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Why the King James Bible of 1604 Remains the Most Popular Translation in History

March 22, 2019 in History

By Sarah Pruitt

Not only was it the first ‘people’s Bible,’ but its poetic cadences and vivid imagery have had an enduring influence on Western culture.

In 1604, England’s King James I authorized a new translation of the Bible aimed at settling some thorny religious differences in his kingdom—and solidifying his own power.

But in seeking to prove his own supremacy, King James ended up democratizing the Bible instead. Thanks to emerging printing technology, the new translation brought the Bible out of the church’s sole control and directly into the hands of more people than ever before, including the Protestant reformers who settled England’s North American colonies in the 17th century.

Emerging at a high point in the English Renaissance, the King James Bible held its own among some of the most celebrated literary works in the English language (think William Shakespeare). Its majestic cadences would inspire generations of artists, poets, musicians and political leaders, while many of its specific phrases worked their way into the fabric of the language itself.

Even now, more than four centuries after its publication, the King James Bible (a.k.a. the King James Version, or simply the Authorized Version) remains the most famous Bible translation in history—and one of the most printed books ever.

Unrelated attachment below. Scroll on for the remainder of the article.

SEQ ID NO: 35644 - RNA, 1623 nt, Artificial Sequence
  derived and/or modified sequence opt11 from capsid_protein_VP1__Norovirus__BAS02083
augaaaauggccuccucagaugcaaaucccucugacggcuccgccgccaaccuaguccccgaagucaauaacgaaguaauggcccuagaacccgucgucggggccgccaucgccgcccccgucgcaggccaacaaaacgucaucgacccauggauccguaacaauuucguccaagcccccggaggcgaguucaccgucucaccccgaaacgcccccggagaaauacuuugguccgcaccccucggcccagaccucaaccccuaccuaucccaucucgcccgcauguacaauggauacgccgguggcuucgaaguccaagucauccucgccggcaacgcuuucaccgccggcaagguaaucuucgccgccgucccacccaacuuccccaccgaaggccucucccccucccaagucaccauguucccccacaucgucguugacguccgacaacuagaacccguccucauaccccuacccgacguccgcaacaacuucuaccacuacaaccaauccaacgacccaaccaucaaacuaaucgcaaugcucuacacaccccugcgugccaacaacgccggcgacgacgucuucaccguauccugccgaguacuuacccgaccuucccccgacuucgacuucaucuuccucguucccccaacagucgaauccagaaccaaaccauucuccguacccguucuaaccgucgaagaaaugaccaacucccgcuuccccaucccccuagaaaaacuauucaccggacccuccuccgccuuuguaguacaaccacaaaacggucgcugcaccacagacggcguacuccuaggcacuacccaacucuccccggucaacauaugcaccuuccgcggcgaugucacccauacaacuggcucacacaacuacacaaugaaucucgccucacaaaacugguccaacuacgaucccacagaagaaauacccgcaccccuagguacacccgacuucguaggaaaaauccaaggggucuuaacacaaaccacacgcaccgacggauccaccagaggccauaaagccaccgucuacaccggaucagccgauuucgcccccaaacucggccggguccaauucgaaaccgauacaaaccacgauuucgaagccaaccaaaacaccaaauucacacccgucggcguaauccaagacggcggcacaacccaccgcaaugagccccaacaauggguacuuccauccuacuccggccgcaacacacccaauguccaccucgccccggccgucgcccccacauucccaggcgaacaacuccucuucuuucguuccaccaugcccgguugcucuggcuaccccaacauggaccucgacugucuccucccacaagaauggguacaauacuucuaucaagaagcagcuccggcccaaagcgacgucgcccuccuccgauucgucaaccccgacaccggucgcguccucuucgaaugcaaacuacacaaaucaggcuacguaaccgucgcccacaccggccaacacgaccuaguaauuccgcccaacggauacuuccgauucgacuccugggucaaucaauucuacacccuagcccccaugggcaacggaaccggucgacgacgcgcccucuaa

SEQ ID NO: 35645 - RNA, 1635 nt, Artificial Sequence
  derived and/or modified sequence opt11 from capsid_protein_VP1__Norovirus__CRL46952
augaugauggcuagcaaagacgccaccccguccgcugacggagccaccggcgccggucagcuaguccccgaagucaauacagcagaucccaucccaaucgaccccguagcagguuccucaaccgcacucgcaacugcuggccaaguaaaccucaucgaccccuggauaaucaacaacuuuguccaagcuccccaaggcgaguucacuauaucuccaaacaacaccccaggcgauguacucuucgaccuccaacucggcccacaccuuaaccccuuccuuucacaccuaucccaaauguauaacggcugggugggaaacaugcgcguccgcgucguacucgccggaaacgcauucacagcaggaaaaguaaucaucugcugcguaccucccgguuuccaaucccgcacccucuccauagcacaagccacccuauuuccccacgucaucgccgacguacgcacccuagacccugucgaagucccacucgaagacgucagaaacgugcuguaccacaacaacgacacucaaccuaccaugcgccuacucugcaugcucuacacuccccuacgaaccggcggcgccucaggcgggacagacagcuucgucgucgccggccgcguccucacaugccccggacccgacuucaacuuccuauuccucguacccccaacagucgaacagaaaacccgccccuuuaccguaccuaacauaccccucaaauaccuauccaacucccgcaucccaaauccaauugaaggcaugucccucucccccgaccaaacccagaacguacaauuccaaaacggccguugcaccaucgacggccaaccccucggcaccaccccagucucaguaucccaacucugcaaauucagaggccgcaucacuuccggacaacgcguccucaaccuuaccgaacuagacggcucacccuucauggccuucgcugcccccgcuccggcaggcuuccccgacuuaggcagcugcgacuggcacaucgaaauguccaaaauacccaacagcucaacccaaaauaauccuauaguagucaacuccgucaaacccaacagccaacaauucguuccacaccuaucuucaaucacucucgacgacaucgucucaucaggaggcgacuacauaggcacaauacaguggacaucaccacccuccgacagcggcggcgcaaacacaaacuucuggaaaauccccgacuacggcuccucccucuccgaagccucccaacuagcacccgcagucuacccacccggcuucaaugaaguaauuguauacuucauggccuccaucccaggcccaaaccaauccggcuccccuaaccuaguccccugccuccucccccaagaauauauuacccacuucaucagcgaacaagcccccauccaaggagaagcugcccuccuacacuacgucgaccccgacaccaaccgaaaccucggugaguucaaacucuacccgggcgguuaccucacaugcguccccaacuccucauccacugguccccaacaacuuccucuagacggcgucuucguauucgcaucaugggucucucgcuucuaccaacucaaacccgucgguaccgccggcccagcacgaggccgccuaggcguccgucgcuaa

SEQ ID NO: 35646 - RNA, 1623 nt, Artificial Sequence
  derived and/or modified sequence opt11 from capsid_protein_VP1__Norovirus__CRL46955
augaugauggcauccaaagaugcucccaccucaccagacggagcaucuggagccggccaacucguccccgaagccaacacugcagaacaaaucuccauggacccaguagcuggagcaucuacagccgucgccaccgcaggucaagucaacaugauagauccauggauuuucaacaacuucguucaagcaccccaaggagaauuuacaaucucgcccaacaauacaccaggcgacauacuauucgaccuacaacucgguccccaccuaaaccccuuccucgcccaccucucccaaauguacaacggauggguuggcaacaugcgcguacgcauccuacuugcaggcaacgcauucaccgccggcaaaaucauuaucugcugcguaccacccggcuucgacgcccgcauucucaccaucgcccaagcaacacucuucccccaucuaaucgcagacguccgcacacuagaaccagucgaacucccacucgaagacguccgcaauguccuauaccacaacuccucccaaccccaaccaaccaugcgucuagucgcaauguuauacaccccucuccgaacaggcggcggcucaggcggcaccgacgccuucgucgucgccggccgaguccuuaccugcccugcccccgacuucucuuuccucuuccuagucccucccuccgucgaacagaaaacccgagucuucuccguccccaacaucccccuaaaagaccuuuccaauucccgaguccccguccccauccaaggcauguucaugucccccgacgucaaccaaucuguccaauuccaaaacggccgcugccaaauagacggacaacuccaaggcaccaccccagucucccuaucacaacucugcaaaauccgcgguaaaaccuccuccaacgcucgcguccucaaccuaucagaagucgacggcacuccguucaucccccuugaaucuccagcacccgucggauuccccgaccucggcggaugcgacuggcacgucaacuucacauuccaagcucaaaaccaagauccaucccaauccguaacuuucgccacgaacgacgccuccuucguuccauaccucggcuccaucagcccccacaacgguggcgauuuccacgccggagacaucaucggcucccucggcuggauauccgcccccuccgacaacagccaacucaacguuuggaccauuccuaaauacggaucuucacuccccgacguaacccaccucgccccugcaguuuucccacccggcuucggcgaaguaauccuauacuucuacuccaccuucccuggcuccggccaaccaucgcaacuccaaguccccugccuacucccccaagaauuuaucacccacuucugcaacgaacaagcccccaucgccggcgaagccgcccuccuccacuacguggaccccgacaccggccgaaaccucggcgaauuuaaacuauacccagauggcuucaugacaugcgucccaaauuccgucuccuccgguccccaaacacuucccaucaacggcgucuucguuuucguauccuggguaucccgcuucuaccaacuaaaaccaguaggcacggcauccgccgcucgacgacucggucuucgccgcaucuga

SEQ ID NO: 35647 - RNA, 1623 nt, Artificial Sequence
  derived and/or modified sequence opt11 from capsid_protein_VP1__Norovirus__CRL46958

READ MORE: The Bible

King James I of England, 1621.

How the King James Bible came to be

When King James VI of Scotland became King James I of England in 1603, he was well aware that he was entering a sticky situation.

For one thing, his immediate predecessor on the throne, Queen Elizabeth I, had ordered the execution of his mother, Mary, Queen of Scots, who had represented a Catholic threat to Elizabeth’s Protestant reign. And even though Elizabeth had established the supremacy of the Anglican Church (founded by her father, King Henry VIII), its bishops now had to contend with rebellious Protestant groups like the Puritans and Calvinists, who questioned their absolute power.

By the time James took the throne, many people in England at the time were hearing one version of the Bible when they went to church, but were reading from another when they were at home. While one version of Christianity’s holy texts—the so-called Bishops’ Bible—was read in churches, the most popular version among Protestant reformers in England at the time was the Geneva Bible, which had been created in that city by …read more

Source: HISTORY

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